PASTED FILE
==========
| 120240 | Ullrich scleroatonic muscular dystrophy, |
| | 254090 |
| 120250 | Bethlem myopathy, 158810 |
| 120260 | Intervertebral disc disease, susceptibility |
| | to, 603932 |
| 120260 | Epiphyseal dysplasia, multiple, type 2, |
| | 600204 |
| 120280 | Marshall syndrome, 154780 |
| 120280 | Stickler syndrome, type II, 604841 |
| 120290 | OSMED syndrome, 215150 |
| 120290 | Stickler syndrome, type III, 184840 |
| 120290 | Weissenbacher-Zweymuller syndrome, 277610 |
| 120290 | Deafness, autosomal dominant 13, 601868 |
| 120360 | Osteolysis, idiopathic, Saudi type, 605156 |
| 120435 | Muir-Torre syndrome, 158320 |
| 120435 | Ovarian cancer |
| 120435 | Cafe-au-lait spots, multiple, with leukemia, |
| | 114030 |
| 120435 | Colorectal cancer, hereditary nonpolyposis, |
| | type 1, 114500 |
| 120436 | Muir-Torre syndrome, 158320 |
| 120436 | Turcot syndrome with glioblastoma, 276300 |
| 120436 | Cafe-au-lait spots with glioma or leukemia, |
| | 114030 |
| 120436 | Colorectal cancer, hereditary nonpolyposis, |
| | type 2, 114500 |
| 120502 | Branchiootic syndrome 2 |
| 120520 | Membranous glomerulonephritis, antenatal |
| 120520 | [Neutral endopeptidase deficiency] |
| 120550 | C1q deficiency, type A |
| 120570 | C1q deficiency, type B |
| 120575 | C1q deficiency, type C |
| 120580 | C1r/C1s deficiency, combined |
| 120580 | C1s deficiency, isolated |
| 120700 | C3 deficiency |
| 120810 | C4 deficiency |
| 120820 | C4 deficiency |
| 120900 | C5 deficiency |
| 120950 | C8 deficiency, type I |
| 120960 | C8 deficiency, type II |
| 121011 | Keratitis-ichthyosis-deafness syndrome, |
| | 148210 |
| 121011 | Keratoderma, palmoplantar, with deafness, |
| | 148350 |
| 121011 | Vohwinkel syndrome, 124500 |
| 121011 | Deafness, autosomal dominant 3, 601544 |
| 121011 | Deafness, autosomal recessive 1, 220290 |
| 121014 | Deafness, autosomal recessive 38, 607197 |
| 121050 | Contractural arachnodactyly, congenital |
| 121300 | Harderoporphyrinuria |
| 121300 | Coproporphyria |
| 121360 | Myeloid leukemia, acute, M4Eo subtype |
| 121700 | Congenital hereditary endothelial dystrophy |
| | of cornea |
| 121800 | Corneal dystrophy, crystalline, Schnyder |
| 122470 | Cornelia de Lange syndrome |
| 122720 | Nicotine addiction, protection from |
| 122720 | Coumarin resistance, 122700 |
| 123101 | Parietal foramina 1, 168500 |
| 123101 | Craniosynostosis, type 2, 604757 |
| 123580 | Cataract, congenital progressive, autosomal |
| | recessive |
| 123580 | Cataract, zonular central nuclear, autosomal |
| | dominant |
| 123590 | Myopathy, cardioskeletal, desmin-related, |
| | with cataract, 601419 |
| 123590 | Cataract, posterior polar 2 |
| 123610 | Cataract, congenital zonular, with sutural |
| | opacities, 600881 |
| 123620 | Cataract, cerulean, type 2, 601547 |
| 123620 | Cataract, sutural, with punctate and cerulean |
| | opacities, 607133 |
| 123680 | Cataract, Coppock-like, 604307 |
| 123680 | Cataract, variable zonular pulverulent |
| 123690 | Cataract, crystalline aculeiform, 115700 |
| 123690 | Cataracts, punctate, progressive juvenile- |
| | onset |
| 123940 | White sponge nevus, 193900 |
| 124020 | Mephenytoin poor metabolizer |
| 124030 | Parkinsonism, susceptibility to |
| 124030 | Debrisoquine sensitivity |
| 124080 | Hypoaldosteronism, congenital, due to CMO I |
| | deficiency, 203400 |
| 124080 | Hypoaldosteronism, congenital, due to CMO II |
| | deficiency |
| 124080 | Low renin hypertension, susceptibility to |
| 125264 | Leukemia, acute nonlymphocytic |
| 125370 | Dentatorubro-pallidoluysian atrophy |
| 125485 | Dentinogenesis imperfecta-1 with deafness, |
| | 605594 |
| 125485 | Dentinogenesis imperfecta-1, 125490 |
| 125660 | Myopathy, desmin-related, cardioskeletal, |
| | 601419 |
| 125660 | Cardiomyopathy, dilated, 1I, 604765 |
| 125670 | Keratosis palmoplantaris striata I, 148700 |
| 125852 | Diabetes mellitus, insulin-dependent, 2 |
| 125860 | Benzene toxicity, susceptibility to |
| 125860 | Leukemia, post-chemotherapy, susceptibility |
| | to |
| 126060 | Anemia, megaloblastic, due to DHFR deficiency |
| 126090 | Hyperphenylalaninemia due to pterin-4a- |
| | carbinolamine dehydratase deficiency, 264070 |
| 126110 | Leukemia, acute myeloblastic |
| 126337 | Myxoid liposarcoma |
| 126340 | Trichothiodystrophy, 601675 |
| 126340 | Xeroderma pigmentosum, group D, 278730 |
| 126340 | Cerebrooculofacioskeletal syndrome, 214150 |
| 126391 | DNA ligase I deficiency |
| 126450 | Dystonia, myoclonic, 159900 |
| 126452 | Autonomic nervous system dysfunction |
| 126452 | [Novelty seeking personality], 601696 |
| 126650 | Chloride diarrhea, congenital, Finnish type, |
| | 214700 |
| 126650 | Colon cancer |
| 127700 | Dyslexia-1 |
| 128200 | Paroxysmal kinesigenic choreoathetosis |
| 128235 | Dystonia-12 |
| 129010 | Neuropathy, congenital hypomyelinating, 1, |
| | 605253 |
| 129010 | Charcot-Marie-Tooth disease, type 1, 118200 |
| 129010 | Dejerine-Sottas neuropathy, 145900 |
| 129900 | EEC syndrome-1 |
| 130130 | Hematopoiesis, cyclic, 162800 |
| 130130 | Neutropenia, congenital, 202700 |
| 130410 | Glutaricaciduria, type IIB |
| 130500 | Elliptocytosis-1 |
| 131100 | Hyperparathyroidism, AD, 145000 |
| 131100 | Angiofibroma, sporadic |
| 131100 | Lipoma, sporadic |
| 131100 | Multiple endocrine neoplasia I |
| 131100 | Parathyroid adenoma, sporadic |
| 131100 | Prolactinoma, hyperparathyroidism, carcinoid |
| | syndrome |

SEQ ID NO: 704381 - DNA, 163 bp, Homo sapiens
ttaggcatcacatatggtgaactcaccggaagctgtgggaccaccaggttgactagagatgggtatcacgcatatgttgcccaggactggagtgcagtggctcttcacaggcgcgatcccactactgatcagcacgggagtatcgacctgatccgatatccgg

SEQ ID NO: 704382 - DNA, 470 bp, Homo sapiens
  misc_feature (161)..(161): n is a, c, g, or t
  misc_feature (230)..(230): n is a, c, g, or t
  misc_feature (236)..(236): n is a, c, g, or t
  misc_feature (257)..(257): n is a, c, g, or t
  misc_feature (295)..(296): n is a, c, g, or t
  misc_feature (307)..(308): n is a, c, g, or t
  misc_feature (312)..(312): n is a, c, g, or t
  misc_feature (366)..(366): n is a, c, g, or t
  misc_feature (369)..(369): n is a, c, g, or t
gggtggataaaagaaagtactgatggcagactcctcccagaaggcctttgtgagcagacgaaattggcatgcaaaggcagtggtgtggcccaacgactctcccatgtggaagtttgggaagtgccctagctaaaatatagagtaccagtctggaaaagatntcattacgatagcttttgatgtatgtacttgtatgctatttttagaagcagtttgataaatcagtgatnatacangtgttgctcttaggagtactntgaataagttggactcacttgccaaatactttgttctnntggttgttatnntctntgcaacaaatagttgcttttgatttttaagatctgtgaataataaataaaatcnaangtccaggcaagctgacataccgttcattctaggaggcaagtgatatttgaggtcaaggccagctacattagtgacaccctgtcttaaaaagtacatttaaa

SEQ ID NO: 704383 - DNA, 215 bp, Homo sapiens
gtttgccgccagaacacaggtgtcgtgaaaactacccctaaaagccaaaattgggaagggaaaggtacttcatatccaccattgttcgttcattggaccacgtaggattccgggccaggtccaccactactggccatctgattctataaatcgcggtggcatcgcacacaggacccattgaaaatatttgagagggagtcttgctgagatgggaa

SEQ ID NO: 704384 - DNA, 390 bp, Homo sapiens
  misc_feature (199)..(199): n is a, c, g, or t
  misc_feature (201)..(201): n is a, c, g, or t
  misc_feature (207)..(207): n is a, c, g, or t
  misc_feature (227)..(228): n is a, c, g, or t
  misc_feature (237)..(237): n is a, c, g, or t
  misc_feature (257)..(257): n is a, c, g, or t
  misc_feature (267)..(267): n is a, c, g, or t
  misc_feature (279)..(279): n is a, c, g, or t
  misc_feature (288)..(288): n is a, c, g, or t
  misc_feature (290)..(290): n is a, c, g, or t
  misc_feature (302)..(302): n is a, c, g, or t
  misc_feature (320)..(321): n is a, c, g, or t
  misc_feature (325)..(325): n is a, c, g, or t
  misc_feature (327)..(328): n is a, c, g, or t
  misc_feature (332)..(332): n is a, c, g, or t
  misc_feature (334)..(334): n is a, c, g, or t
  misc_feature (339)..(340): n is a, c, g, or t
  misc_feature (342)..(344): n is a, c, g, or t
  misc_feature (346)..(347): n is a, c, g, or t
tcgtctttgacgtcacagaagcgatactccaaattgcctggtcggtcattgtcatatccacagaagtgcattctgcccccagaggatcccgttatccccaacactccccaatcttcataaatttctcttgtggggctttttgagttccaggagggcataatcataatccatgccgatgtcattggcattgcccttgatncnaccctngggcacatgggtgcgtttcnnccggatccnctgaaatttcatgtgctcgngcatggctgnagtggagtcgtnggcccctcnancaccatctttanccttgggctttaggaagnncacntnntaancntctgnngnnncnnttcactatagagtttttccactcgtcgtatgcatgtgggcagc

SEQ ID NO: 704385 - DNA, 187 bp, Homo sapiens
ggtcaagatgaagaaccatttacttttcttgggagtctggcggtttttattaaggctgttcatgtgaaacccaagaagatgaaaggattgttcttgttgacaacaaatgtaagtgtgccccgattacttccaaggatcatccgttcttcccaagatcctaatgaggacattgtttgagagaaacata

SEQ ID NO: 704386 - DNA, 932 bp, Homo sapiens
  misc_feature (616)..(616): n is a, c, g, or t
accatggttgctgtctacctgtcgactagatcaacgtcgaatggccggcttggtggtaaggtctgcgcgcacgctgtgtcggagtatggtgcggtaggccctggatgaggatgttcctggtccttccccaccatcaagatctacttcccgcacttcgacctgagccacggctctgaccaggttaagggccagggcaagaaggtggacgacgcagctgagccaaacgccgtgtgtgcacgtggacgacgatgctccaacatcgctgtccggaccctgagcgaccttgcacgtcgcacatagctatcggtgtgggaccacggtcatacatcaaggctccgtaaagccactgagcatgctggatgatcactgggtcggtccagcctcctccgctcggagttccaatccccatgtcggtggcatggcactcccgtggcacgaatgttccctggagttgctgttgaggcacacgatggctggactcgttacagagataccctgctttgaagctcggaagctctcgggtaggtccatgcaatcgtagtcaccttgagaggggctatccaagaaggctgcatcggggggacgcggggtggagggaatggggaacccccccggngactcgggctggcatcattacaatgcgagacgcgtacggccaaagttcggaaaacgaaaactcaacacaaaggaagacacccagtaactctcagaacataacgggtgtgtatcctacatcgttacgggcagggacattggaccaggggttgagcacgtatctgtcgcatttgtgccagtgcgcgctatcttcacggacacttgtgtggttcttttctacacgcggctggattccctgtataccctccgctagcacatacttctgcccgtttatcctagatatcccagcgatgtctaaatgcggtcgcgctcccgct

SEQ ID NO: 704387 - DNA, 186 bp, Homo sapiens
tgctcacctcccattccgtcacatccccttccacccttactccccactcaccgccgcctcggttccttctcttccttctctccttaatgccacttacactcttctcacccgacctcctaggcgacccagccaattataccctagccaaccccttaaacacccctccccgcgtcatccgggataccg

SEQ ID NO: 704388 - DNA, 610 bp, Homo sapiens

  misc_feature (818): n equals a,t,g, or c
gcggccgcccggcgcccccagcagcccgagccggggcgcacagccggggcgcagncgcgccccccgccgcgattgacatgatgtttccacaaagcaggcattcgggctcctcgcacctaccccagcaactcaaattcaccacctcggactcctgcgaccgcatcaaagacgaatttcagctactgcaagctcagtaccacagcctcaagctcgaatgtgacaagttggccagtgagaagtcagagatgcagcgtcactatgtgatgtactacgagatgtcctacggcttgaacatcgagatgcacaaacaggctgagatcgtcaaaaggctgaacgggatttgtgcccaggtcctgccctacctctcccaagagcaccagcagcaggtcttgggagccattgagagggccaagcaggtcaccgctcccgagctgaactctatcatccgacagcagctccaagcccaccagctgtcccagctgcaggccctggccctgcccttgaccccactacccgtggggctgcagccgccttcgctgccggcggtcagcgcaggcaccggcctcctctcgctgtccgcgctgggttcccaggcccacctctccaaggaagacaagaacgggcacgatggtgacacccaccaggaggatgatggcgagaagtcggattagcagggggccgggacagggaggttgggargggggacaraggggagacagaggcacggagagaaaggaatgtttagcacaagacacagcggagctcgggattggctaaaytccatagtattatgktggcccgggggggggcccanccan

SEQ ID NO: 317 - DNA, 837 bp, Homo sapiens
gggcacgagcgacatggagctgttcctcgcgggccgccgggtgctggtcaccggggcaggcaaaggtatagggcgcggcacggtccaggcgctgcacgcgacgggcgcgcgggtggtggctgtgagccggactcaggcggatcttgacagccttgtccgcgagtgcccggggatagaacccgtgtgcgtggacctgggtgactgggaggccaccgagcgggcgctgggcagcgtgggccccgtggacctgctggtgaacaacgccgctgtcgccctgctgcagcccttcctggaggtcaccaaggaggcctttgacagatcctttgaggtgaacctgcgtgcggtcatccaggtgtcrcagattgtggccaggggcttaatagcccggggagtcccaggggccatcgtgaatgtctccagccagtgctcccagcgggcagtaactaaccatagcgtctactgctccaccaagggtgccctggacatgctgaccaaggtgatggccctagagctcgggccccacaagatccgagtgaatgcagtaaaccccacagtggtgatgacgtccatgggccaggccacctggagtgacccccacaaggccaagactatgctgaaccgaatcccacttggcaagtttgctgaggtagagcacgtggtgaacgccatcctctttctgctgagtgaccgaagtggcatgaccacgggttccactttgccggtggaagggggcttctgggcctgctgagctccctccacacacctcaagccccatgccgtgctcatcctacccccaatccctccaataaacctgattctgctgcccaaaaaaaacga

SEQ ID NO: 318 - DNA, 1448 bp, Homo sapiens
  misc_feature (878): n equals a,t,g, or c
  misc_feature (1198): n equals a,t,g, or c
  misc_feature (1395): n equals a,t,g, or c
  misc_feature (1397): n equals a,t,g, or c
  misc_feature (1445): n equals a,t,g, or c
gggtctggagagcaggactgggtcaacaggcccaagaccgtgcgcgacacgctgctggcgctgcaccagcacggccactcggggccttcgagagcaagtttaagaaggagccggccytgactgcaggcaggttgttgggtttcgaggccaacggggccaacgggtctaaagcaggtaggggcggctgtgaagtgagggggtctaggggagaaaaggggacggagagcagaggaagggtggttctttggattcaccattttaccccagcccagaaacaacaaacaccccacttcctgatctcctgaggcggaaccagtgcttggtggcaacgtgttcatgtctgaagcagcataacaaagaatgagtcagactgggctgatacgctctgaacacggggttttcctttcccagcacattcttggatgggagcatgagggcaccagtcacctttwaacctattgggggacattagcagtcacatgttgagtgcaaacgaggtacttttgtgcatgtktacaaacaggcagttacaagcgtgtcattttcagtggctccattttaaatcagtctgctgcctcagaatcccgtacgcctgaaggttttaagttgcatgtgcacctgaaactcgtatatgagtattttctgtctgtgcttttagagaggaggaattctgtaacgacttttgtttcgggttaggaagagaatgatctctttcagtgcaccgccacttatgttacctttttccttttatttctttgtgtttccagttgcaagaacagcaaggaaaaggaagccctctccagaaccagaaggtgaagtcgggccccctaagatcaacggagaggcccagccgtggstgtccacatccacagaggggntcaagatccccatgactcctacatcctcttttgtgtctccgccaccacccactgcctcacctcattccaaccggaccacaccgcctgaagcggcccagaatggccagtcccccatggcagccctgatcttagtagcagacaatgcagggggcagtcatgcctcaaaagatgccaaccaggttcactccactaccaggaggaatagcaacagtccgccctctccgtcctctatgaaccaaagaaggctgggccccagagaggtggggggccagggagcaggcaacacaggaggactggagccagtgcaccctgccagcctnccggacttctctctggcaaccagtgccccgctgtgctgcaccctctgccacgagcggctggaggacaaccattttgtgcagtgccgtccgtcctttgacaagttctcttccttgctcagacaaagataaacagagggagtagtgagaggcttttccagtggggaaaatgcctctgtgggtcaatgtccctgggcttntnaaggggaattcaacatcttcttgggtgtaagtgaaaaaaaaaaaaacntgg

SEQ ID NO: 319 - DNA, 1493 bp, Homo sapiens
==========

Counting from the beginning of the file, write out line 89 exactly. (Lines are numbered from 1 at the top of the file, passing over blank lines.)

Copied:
| 125485 | Dentinogenesis imperfecta-1 with deafness, |